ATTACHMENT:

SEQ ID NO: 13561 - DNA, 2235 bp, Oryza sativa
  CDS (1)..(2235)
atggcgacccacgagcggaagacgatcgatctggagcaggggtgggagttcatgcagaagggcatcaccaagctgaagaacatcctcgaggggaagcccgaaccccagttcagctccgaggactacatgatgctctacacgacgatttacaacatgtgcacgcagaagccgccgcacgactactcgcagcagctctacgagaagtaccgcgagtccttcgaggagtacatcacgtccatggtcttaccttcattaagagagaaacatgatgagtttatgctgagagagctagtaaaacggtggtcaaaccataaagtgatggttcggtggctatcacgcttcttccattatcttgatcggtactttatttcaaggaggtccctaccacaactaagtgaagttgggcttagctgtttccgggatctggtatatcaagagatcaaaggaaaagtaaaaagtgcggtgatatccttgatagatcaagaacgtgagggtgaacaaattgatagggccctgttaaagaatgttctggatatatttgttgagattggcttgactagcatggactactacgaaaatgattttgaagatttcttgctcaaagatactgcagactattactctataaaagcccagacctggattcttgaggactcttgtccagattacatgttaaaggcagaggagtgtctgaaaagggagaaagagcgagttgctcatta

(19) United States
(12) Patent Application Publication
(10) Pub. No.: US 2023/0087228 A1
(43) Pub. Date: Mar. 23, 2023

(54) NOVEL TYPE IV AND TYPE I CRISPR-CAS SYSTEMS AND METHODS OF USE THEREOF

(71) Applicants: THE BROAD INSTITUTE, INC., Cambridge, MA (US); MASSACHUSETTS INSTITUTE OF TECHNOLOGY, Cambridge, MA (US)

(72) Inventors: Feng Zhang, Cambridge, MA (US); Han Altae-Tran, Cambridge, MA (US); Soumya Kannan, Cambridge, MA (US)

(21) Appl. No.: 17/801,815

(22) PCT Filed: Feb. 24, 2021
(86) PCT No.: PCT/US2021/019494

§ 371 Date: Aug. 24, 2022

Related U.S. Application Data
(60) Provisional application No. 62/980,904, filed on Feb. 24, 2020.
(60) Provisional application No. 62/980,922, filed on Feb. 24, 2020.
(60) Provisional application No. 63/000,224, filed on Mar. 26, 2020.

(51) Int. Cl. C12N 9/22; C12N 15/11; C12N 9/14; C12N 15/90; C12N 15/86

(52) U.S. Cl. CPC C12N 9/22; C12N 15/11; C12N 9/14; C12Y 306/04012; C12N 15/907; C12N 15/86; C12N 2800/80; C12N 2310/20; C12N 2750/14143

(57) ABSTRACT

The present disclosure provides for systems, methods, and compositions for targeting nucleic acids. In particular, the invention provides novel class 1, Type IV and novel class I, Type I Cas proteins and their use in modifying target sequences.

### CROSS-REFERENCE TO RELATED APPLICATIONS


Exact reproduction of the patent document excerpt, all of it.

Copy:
SEQ ID NO: 13561 - DNA, 2235 bp, Oryza sativa
  CDS (1)..(2235)
atggcgacccacgagcggaagacgatcgatctggagcaggggtgggagttcatgcagaagggcatcaccaagctgaagaacatcctcgaggggaagcccgaaccccagttcagctccgaggactacatgatgctctacacgacgatttacaacatgtgcacgcagaagccgccgcacgactactcgcagcagctctacgagaagtaccgcgagtccttcgaggagtacatcacgtccatggtcttaccttcattaagagagaaacatgatgagtttatgctgagagagctagtaaaacggtggtcaaaccataaagtgatggttcggtggctatcacgcttcttccattatcttgatcggtactttatttcaaggaggtccctaccacaactaagtgaagttgggcttagctgtttccgggatctggtatatcaagagatcaaaggaaaagtaaaaagtgcggtgatatccttgatagatcaagaacgtgagggtgaacaaattgatagggccctgttaaagaatgttctggatatatttgttgagattggcttgactagcatggactactacgaaaatgattttgaagatttcttgctcaaagatactgcagactattactctataaaagcccagacctggattcttgaggactcttgtccagattacatgttaaaggcagaggagtgtctgaaaagggagaaagagcgagttgctcatta

(19) United States
(12) Patent Application Publication
(10) Pub. No.: US 2023/0087228 A1
(43) Pub. Date: Mar. 23, 2023

(54) NOVEL TYPE IV AND TYPE I CRISPR-CAS SYSTEMS AND METHODS OF USE THEREOF

(71) Applicants: THE BROAD INSTITUTE, INC., Cambridge, MA (US); MASSACHUSETTS INSTITUTE OF TECHNOLOGY, Cambridge, MA (US)

(72) Inventors: Feng Zhang, Cambridge, MA (US); Han Altae-Tran, Cambridge, MA (US); Soumya Kannan, Cambridge, MA (US)

(21) Appl. No.: 17/801,815

(22) PCT Filed: Feb. 24, 2021
(86) PCT No.: PCT/US2021/019494

§ 371 Date: Aug. 24, 2022

Related U.S. Application Data
(60) Provisional application No. 62/980,904, filed on Feb. 24, 2020.
(60) Provisional application No. 62/980,922, filed on Feb. 24, 2020.
(60) Provisional application No. 63/000,224, filed on Mar. 26, 2020.

(51) Int. Cl. C12N 9/22; C12N 15/11; C12N 9/14; C12N 15/90; C12N 15/86

(52) U.S. Cl. CPC C12N 9/22; C12N 15/11; C12N 9/14; C12Y 306/04012; C12N 15/907; C12N 15/86; C12N 2800/80; C12N 2310/20; C12N 2750/14143

(57) ABSTRACT

The present disclosure provides for systems, methods, and compositions for targeting nucleic acids. In particular, the invention provides novel class 1, Type IV and novel class I, Type I Cas proteins and their use in modifying target sequences.

### CROSS-REFERENCE TO RELATED APPLICATIONS